• FIG. 1A is a diagrammatic view of an n channel integrated low voltage RF-LDMOS transistor according to an embodiment of the present invention;
  • FIG. 1B is a diagrammatic view of a complementary p channel version of the integrated low voltage RF-LDMOS transistor shown in FIG. 1A;
  • FIG. 2A is a diagrammatic view of an early stage in the fabrication of the transistor shown in FIG. 1A;
  • FIG. 2B is a diagrammatic view of an early stage in the fabrication of the transistor shown in FIG. 1B;
  • FIG. 3A is a diagrammatic view of al intermediate stage in the fabrication of the transistor shown in FIG. 1A;
  • FIG, 3B is a diagrammatic view of an intermediate stage in the fabrication of the transistor shown in FIG. 1B;
  • FIG. 4A is a diagrammatic view of a later intermediate stage in the fabrication of the transistor shown in FIG. 1A;
  • FIG. 4B is a diagrammatic view of a later intermediate stage in the fabrication of the transistor shown in FIG. 1B;
  • FIG. 5A is a diagrammatic view of an n channel integrated low voltage RF-LDMOS transistor according to another embodiment of the present invention;
  • FIG. 5B is a diagrammatic view of a complementary p channel version of the integrated low voltage RF-LDMOS transistor shown in FIG. 5A;
  • FIG. 6A is a diagrammatic view of an n channel integrated low voltage RF-LDMOS transistor according to yet another embodiment of the present invention;
  • FIG. 6B is a diagrammatic view of a complementary p channel version of the integrated low voltage R(F-LDMOS transistor shown in FIG. 6A;
  • FIG. 7A is a diagrammatic view of an n channel integrated low voltage RF-LDMOS transistor according to still another embodiment of the present invention;
  • FIG. 7B is a diagrammatic view of a complementary p channel version of the integrated low voltage RF-LDMOS transistor shown in FIG. 7A;
  • FIG. 8A is a graph of the drain characteristics versus drain voltage simulation of the transistor shown in FIG. 1A with a gate length of 0.35 micron;
  • FIG. 8B is a graph of the drain characteristics versus drain voltage simulation of the transistor shown in FIG. 1A with a gate length of 0.50 micron,
  • FIG. 5C is a graph of the drain characteristics versus drain voltage simulation of a prior art transistor;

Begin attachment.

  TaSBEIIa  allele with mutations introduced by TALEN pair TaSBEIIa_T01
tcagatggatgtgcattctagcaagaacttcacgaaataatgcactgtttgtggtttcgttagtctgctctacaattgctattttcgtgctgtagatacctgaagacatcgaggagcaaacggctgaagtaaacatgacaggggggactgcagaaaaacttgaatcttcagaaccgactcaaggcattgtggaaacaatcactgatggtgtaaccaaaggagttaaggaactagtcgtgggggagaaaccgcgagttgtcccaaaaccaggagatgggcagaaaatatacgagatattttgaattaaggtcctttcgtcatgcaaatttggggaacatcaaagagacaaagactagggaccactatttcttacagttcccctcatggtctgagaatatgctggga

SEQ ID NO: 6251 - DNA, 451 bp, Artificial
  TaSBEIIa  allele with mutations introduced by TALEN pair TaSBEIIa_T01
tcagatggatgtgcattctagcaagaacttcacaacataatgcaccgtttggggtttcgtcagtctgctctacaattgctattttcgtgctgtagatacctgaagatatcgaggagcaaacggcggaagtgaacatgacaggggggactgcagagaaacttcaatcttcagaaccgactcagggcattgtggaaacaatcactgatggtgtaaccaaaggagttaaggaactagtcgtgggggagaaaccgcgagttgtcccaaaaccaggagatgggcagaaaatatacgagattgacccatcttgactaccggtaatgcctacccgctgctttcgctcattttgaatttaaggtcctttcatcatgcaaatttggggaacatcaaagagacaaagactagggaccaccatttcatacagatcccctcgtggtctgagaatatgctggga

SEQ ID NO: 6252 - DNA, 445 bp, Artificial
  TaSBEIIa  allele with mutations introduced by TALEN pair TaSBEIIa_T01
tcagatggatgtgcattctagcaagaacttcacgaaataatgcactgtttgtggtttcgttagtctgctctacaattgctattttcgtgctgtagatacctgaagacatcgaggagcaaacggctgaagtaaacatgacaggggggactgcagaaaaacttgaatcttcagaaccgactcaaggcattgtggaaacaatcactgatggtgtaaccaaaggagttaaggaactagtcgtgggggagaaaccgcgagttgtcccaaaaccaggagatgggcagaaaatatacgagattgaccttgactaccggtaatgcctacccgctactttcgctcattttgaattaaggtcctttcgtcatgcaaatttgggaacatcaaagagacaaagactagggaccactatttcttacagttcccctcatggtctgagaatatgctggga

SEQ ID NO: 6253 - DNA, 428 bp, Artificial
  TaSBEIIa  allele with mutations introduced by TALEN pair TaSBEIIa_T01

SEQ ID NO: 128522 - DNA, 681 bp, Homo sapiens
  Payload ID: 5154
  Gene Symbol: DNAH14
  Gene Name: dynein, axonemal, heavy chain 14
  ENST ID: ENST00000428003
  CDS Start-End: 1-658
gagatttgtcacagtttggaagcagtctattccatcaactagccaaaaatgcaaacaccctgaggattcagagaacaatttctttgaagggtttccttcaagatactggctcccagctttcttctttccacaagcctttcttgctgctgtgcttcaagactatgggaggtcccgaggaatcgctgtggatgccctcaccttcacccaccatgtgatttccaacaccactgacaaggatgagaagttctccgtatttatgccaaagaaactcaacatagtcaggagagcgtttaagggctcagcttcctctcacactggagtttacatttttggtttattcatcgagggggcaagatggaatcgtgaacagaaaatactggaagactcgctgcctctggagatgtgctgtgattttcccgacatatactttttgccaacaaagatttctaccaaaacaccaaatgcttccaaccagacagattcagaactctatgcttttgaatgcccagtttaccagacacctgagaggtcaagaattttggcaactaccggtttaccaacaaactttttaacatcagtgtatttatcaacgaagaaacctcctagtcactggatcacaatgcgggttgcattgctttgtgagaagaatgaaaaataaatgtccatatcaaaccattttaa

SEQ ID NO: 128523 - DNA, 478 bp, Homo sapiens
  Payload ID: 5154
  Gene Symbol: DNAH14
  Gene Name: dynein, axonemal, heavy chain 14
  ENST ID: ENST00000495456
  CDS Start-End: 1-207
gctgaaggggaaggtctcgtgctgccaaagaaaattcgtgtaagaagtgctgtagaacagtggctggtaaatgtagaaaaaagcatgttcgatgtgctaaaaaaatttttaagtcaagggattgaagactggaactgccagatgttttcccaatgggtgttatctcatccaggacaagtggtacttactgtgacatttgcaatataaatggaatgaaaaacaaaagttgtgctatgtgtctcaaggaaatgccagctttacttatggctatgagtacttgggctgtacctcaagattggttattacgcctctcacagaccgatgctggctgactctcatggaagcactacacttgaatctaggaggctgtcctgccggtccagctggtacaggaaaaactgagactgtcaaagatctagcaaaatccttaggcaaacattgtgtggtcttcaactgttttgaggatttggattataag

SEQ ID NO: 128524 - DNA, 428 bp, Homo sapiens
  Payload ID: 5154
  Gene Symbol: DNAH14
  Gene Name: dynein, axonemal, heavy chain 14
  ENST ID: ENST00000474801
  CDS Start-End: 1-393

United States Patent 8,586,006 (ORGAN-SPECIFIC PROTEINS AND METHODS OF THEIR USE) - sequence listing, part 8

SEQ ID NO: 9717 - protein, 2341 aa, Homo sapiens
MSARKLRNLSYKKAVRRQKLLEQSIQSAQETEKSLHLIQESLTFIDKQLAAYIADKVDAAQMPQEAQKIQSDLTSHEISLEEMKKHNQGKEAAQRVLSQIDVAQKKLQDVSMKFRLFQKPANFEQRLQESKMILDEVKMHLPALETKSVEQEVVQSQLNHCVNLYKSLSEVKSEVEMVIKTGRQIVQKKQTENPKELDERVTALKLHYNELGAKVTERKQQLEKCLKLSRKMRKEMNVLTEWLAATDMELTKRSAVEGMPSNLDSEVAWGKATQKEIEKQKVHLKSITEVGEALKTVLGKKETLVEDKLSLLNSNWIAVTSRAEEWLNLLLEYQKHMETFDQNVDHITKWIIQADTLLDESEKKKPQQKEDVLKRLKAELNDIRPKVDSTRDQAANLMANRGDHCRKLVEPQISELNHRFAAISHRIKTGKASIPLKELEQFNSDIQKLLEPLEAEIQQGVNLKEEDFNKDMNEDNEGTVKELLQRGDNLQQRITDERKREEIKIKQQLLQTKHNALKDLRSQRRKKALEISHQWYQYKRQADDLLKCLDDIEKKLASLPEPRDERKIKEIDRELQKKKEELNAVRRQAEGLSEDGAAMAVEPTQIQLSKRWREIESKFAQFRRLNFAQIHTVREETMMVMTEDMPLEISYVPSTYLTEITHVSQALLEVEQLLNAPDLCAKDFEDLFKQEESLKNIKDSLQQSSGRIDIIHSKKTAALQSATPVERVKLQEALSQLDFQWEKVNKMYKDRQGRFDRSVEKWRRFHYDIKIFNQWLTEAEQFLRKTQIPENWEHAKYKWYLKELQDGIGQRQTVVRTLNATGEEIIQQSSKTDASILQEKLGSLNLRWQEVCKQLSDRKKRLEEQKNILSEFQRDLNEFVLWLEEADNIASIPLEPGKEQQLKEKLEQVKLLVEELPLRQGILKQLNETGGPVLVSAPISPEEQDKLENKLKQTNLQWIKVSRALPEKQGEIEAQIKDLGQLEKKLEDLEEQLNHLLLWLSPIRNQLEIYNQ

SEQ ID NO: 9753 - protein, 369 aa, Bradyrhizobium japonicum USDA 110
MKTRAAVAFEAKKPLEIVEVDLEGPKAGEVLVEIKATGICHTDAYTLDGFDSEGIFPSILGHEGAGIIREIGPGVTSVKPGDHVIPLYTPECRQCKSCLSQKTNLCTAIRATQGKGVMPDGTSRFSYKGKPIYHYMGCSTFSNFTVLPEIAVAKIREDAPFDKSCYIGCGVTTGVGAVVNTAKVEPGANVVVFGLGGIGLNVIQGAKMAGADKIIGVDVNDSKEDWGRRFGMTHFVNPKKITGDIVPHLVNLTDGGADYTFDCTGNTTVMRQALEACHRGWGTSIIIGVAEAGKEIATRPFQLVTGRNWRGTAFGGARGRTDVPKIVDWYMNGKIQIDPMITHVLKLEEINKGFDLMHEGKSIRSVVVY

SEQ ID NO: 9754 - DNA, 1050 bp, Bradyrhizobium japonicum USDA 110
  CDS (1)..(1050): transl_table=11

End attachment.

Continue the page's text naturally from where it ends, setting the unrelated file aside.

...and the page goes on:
• FIG. 9A is a graph of the frequency transition versus gate voltage simulation of the transistor shown in FIG. 1A with a gate length of 0.35 micron;
  • FIG. 9B is a graph of the frequency transition versus gate voltage simulation of the transistor shown in FIG. 1A with a gate length of 0.50 micron;
  • FIG. 9C is a graph of the frequency transition versus gate voltage simulation of a prior art transistor;
  • FIG. 10A is a graph of the transconductance versus gate voltage simulation of the transistor shown in FIG. 1A with a gate length of 0.35 micron;
  • FIG. 10B is a graph of the transconductance versus gate voltage simulation of the transistor shown in FIG. 1A with a gate length of 0.50 micron; and
  • FIG. 10C is a graph of the transconductance versus gate voltage simulation of a prior art transistor.
  • It will be appreciated that for purposes of clarity, and where deemed appropriate, reference numerals have been repeated in the figures to indicate corresponding features. Also, the relative size of various objects in the drawings has in some cases been distorted to more clearly show the invention. The examples set out herein illustrate several embodiments of the invention but should not be construed as limiting the scope of the invention in any manner.
  • DETAILED DESCRIPTION
  • Turning now to the drawings, FIG. 1A is a diagrammatic view of an n channel integrated complementary low voltage RF-LDMOS transistor 10 according to an embodiment of the present invention. The transistor 10 has a source connection 12, a gate connection 14, and a drain connection 16. The gate connection 14 is electrically connected to a gate suicide 18 formed in a gate polysilicon 20. The gate polysilicon 20 has a stepped bottom layer lying over a split gate oxide 22 with a thin section 24 of length 26, and a thick section 28 of length 30. A sidewall oxide 32 is shown on the left side of the gate silicide 18, the gate polysilicon 20, and the thin section 24 of the split gate oxide 22. Similarly, a sidewall oxide 34 is shown on the right side of the gate polysilicon 20 and the thick section 28 of the split gate oxide 22.
  • The source connection 12 is electrically connected to a source silicide 36 under which is a source P+ tap 38. A shallow and short N+ source spacer 40 extends laterally from the right edge of the source silicide 36 and top right of the P+ tap 38 to slightly under the left side of the gate polysilicon 20. The length of the N+ source spacer 40 in one embodiment of the invention is approximately 0.08 microns, and can be between 0.04 and 0.3 microns. A P body 42 extends from the approximately the bottom center of the P+ tap 38 to the substrate surface 44 and lies under most of the thin section 24 of the split gate oxide 22. A P− well 46 extends from the top of an optional P− buried layer 48 from approximately the downward projection of the middle of the bottom of the P+ tap 38 to the bottom of the P body 42 at a point approximately below the left edge of the gate polysilicon 20.
  • The drain connection 16 is electrically connected to a drain silicide 50. A N+ drain 52 lies under and extends to the left of the drain silicide 50. The left end of the N− drain is spaced laterally apart from the gate polysilicon 20. A N buffer layer 54 lies under the N+ drain 52 and extends latterly to about the middle of the thick section 28 of the split gate oxide 22. A N− buffer layer 56 lies under the N buffer layer 54 and extends to under all of the thick section 28 of the split gate oxide 22 near the transition of the thin section 24 to the thick section 28 of the split gate oxide 22.